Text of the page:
Sábado, 5 de Fevereiro de 2011

Egipto - deverá Mubarak resignar imediatamente?

Egypt Government Cracks Down on Foreign Observers, Death Toll Rises

posted by: Kristina Chew
Egypt Government Cracks Down on Foreign Observers, Death Toll Rises
    Just this evening, today's New York Times reports that the Obama administration is in discussions with Egyptian officials about a proposal for President Hosni Mubarak to resign immediately and to turn over power to a transitional government headed by Vice President Omar Suleiman with the support of the Egyptian military. The proposal calls for the new government to 'invite members from a broad range of opposition groups, including the banned Muslim Brotherhood, to begin work to open up the country’s electoral system in an effort to bring about free and fair elections in September.'

     

    The uprising in Egypt entered its tenth day with more reports of violence and with the government arresting foreign journalists and human rights activists. The Feburary 3rd Guardian reports that, since violence between protesters and supporters of Mubarak broke out on Thursday, thirteen people have died and some 1200 injured. While the government seems to be making some concessions, Mubarak continues to refuse to step down immediately and claimed that, should he do so, there would be even more disorder and chaos in Egypt.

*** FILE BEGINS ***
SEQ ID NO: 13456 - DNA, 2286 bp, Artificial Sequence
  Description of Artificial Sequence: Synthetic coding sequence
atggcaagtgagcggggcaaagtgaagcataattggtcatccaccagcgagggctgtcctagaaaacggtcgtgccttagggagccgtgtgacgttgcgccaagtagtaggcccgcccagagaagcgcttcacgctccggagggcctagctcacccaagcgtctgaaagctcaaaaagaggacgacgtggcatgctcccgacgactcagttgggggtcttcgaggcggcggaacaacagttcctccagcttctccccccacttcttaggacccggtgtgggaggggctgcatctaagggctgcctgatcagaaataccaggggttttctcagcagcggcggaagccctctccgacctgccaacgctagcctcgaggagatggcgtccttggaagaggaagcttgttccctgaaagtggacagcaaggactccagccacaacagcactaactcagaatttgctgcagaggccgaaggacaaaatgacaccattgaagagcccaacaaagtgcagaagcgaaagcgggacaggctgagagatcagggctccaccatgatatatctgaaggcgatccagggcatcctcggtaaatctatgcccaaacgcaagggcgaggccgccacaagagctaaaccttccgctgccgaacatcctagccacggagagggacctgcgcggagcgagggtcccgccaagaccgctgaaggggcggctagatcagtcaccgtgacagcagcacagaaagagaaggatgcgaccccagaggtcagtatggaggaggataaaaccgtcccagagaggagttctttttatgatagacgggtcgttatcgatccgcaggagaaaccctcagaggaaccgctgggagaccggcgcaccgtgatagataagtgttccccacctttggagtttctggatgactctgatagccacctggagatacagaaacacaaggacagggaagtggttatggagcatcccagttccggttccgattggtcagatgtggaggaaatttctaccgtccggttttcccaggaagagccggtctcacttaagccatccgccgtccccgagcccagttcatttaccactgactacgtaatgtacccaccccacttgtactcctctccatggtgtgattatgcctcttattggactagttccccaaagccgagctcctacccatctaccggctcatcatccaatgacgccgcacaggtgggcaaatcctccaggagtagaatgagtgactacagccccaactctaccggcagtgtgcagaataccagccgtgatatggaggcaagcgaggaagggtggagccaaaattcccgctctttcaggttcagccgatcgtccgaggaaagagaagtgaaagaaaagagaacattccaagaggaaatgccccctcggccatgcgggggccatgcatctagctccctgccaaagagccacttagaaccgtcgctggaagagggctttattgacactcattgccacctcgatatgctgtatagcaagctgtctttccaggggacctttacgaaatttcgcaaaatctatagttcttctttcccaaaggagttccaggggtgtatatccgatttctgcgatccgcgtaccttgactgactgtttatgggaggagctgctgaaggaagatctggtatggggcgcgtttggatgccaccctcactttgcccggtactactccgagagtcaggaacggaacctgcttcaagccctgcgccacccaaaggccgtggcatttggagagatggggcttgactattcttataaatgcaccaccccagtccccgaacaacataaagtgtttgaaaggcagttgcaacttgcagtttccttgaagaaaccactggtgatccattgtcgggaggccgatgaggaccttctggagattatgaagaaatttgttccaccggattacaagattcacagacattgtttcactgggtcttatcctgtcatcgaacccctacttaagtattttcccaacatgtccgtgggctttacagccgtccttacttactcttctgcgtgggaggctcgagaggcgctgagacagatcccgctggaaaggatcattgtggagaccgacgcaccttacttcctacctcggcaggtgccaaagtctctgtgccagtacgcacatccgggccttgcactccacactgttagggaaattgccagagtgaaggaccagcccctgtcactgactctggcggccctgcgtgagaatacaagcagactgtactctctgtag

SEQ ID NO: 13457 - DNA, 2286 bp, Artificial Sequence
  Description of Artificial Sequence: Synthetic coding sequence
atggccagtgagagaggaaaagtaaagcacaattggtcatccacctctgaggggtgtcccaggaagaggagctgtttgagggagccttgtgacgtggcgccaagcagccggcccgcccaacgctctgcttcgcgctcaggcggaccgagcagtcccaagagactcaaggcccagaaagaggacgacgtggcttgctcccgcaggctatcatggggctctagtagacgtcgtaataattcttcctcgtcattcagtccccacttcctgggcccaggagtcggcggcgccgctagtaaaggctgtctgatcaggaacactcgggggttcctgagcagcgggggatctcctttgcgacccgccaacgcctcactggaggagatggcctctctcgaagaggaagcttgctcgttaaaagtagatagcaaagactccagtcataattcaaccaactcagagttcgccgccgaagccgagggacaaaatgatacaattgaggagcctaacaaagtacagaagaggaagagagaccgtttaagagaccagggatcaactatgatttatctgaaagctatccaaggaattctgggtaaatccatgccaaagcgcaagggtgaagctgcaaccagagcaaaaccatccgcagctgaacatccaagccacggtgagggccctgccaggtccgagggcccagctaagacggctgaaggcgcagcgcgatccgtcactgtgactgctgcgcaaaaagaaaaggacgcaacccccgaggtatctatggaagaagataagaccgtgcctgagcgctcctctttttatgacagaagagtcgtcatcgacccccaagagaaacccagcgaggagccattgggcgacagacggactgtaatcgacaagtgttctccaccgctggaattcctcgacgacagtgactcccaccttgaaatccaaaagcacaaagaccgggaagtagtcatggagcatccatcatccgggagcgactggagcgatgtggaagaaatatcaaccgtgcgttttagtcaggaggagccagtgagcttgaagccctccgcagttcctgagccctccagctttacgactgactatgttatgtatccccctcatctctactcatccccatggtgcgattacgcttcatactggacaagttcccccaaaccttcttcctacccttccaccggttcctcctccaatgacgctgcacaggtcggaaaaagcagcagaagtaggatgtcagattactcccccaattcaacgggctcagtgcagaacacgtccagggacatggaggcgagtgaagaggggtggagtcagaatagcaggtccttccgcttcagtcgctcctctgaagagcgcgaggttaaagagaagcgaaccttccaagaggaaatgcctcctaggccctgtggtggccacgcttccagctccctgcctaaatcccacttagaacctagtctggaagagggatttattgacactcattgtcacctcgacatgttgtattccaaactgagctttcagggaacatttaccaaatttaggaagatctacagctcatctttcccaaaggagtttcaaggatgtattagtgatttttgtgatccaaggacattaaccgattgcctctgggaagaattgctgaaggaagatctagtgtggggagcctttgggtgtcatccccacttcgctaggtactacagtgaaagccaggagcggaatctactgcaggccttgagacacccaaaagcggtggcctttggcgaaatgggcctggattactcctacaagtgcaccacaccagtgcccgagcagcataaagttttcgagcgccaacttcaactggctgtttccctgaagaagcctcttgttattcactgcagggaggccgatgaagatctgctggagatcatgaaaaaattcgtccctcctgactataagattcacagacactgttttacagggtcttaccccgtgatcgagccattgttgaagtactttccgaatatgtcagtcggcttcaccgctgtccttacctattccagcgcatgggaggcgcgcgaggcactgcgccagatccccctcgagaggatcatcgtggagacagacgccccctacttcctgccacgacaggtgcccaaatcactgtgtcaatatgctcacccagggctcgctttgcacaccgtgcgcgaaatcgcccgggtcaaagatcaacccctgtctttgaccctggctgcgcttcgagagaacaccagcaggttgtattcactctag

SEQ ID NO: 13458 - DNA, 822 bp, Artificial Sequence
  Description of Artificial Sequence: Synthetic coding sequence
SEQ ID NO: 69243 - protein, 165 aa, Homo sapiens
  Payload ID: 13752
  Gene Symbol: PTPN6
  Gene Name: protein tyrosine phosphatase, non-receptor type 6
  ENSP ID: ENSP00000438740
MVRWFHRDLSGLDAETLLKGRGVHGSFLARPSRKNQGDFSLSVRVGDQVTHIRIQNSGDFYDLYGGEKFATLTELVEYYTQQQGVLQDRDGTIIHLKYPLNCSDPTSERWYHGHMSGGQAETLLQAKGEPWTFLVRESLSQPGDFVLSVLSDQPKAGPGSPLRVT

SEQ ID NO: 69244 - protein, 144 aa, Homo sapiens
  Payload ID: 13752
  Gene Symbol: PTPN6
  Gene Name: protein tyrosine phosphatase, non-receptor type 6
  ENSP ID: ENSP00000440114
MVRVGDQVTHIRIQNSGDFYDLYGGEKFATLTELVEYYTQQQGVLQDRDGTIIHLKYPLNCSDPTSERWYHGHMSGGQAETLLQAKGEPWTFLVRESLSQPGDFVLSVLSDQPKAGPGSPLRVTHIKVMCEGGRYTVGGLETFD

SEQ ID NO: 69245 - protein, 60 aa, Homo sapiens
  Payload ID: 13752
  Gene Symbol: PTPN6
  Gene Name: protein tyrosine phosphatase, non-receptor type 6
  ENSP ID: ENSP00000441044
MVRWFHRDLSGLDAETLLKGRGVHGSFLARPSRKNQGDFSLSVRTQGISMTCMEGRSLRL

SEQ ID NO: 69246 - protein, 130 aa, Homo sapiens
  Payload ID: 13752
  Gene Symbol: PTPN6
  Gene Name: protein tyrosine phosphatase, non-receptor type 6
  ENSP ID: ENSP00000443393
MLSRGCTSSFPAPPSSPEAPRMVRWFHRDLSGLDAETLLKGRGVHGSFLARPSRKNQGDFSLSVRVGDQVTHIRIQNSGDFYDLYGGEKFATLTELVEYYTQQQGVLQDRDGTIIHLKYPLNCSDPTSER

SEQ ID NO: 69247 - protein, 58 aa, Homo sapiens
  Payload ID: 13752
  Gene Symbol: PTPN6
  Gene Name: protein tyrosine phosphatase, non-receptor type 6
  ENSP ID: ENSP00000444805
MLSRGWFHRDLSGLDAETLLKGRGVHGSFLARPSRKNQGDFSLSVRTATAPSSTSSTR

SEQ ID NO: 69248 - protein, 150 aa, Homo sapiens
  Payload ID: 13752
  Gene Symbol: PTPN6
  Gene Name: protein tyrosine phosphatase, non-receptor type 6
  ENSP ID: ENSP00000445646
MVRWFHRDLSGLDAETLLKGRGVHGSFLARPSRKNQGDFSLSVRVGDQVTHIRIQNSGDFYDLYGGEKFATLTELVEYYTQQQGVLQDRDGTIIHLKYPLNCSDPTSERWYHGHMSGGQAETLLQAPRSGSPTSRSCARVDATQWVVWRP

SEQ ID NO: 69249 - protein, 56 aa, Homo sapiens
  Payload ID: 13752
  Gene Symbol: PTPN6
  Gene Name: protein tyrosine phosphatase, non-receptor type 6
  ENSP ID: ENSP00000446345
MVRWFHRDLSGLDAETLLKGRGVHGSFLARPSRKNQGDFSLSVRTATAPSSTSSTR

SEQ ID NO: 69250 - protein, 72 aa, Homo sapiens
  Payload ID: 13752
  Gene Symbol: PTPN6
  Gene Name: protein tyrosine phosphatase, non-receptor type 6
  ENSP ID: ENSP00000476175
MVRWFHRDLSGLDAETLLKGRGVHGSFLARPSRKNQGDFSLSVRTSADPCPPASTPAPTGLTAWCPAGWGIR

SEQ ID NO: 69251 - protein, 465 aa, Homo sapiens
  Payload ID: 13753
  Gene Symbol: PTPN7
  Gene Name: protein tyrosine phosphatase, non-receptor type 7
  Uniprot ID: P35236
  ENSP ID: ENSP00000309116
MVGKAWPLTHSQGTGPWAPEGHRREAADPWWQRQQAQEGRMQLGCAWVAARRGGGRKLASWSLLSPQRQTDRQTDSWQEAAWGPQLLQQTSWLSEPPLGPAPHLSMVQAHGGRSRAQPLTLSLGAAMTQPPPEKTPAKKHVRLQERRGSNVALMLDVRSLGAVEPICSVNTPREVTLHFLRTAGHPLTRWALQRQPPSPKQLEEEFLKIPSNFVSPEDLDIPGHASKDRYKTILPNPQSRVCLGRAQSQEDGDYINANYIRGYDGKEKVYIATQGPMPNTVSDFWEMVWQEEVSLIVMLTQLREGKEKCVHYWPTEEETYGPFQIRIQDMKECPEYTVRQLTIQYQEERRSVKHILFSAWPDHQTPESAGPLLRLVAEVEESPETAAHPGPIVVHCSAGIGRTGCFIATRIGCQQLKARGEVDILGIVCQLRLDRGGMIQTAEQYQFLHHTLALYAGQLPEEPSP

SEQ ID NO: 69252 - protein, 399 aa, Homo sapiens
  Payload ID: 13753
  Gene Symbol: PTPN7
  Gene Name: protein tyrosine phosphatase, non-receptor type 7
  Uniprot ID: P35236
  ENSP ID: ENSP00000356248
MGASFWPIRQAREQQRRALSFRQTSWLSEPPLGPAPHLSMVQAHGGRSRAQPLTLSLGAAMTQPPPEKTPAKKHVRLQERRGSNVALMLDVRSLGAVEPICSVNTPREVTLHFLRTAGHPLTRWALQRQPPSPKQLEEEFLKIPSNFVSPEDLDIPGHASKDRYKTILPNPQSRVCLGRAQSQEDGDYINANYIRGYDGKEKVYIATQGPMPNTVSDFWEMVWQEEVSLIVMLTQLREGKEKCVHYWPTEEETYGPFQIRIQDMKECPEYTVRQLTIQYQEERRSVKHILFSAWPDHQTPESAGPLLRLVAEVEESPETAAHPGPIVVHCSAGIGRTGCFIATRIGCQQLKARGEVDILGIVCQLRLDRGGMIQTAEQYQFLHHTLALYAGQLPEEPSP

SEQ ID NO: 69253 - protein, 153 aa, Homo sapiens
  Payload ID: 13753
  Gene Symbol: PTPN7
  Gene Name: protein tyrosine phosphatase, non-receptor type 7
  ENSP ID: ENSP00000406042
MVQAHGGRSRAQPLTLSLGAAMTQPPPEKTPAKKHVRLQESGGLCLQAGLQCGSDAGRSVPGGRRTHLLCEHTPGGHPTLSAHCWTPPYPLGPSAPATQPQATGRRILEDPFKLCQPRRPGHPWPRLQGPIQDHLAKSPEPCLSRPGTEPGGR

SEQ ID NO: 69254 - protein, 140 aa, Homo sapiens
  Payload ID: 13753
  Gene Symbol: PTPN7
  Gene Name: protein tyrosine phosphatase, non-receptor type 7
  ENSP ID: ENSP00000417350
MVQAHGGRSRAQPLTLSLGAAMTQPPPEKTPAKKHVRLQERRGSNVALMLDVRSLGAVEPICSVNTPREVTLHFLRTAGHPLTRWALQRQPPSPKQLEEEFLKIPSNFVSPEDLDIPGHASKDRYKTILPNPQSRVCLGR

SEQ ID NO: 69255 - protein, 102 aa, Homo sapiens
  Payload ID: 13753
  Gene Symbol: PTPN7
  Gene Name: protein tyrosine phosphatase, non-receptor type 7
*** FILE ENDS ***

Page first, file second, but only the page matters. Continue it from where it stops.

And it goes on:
Christiane Amanpour Interviews Mubarak

    In an interview with Christiane Amanpour of ABC News, Mubarak said that he is '"fed up"' with being Egypt's president and that '"after 62 years in public service I have had enough. I want to go."' With his son Gamal---who has resigned from the ruling National Democratic party, according to Egypt Daily News--beside him, Mubarak said that he had told President Obama:

    “You don’t understand the Egyptian culture and what would happen if I step down now.”

     

    The New York Times notes that the Egyptian government has been seeking to 'increasingly spread an image that foreigners were inciting the uprising' in which tens of thousands of Egyptians have taken to the street to call for Mubarak to step down after thirty years in power. These suggestions, the New York Times notes, are 'part of a days-long Egyptian news media campaign that has portrayed the protesters as troublemakers and ignored the scope of an uprising that has captivated the Arab world.' In Jordan, King Hussein dissolved his cabinet on Tuesday while in Yemen, the government offered concessions to the opposition, which has promised to call a demonstration every Thursday until March. And in Syria, there were calls for a “day of rage” this weekend against the government of President Bashar al-Assad.

     

    k, twitter, ElBaradei, january 25

    publicado por Luis Moreira às 01:00
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